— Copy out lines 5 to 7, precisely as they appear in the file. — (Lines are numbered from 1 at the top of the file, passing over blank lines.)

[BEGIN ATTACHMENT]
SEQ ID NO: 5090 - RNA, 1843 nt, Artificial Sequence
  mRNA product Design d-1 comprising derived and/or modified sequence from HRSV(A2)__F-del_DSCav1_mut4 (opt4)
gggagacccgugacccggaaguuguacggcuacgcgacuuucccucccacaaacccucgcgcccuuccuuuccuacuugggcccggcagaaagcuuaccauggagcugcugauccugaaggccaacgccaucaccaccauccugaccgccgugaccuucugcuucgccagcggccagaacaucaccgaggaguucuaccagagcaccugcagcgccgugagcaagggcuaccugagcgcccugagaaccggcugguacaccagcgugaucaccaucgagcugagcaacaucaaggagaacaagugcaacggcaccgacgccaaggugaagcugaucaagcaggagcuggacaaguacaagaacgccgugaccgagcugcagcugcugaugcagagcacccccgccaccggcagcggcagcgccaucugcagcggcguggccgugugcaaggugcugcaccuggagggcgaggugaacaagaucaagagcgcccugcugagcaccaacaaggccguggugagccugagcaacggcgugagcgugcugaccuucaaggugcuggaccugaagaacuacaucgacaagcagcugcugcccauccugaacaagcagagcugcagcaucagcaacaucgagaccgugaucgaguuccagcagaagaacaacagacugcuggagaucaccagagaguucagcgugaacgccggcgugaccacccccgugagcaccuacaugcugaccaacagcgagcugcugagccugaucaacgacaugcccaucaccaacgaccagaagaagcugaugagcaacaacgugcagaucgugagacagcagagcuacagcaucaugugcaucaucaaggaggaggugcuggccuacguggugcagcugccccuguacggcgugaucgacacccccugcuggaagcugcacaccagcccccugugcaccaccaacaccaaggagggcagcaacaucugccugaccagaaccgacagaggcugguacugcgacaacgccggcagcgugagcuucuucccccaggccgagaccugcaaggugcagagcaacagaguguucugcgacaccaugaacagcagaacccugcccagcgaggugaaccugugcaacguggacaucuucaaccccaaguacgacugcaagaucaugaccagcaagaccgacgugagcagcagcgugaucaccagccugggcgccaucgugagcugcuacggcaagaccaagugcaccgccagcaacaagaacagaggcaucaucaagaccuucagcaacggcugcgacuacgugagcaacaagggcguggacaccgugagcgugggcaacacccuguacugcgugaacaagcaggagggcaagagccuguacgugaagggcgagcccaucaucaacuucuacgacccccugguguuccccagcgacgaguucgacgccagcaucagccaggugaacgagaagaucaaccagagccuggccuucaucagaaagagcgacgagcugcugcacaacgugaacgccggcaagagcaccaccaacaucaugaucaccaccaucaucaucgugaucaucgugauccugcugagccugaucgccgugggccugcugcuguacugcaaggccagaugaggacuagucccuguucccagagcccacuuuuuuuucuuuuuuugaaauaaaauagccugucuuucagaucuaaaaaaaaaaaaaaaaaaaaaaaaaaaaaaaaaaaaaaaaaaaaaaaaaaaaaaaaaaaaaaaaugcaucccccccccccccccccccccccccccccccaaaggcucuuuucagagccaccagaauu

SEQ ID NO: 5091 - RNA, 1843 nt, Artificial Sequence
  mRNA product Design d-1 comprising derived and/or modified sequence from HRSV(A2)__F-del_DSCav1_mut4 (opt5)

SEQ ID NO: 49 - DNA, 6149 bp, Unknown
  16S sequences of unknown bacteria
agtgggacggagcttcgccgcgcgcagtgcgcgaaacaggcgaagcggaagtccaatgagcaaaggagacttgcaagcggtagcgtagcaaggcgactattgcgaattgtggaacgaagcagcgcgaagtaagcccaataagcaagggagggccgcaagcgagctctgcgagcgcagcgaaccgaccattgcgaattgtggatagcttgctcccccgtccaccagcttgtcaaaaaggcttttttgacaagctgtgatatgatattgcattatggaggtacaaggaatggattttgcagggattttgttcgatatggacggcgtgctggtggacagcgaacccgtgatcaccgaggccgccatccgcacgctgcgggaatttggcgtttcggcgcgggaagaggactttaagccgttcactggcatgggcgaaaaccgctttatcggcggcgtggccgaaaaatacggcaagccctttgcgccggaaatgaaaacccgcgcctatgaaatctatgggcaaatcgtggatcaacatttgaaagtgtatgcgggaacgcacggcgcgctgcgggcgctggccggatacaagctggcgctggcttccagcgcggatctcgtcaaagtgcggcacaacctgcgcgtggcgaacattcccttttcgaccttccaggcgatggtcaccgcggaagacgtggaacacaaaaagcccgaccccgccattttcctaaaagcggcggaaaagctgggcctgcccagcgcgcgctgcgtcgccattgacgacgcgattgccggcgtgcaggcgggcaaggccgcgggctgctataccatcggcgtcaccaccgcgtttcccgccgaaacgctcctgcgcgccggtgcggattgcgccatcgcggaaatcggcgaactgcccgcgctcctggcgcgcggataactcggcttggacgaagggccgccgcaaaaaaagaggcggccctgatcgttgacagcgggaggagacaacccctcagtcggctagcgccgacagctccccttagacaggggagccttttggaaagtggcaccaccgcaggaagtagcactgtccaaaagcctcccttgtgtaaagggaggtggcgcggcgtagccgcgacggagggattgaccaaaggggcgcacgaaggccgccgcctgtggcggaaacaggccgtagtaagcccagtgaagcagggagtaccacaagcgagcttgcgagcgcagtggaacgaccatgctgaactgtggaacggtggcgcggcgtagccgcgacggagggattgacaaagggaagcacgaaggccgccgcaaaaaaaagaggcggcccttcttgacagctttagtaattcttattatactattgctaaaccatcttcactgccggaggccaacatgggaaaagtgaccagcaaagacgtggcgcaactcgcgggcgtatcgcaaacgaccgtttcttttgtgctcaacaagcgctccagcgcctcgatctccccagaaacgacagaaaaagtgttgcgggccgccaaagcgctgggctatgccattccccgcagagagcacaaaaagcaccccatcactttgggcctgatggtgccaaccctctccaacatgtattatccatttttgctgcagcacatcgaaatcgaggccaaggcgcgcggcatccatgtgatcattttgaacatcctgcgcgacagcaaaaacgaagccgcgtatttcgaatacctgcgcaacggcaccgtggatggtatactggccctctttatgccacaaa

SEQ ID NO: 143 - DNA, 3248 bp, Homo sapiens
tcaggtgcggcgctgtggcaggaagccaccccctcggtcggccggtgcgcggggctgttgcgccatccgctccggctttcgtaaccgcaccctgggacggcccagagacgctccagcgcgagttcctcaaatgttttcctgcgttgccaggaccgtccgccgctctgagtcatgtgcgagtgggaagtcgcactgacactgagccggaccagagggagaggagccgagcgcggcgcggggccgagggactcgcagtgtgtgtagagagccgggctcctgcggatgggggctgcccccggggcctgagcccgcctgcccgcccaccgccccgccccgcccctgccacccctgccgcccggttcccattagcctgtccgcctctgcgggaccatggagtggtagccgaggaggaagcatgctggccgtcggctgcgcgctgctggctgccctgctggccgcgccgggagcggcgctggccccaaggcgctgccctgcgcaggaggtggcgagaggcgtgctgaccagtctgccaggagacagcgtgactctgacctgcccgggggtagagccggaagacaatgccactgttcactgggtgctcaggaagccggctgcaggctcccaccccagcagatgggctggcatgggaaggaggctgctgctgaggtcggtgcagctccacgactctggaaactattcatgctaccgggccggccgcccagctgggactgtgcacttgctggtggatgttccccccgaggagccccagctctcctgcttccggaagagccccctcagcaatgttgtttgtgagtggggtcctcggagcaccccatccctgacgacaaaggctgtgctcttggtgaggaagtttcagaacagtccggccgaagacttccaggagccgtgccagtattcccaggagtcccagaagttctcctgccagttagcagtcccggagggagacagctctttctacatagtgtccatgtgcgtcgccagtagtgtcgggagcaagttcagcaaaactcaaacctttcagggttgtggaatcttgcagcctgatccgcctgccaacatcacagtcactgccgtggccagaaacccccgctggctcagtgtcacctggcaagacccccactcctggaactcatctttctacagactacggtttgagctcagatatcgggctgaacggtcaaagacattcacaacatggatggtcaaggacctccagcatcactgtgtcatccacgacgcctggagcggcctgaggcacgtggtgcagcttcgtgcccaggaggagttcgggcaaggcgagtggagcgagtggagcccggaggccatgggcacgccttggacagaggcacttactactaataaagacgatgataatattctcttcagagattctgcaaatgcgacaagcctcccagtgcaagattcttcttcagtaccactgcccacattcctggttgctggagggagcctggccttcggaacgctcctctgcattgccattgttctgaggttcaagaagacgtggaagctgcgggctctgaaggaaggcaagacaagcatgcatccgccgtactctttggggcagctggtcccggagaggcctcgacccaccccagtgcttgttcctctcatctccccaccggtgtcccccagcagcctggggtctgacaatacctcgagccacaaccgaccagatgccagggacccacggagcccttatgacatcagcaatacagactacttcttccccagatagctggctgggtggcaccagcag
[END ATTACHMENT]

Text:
  mRNA product Design d-1 comprising derived and/or modified sequence from HRSV(A2)__F-del_DSCav1_mut4 (opt5)

SEQ ID NO: 49 - DNA, 6149 bp, Unknown
  16S sequences of unknown bacteria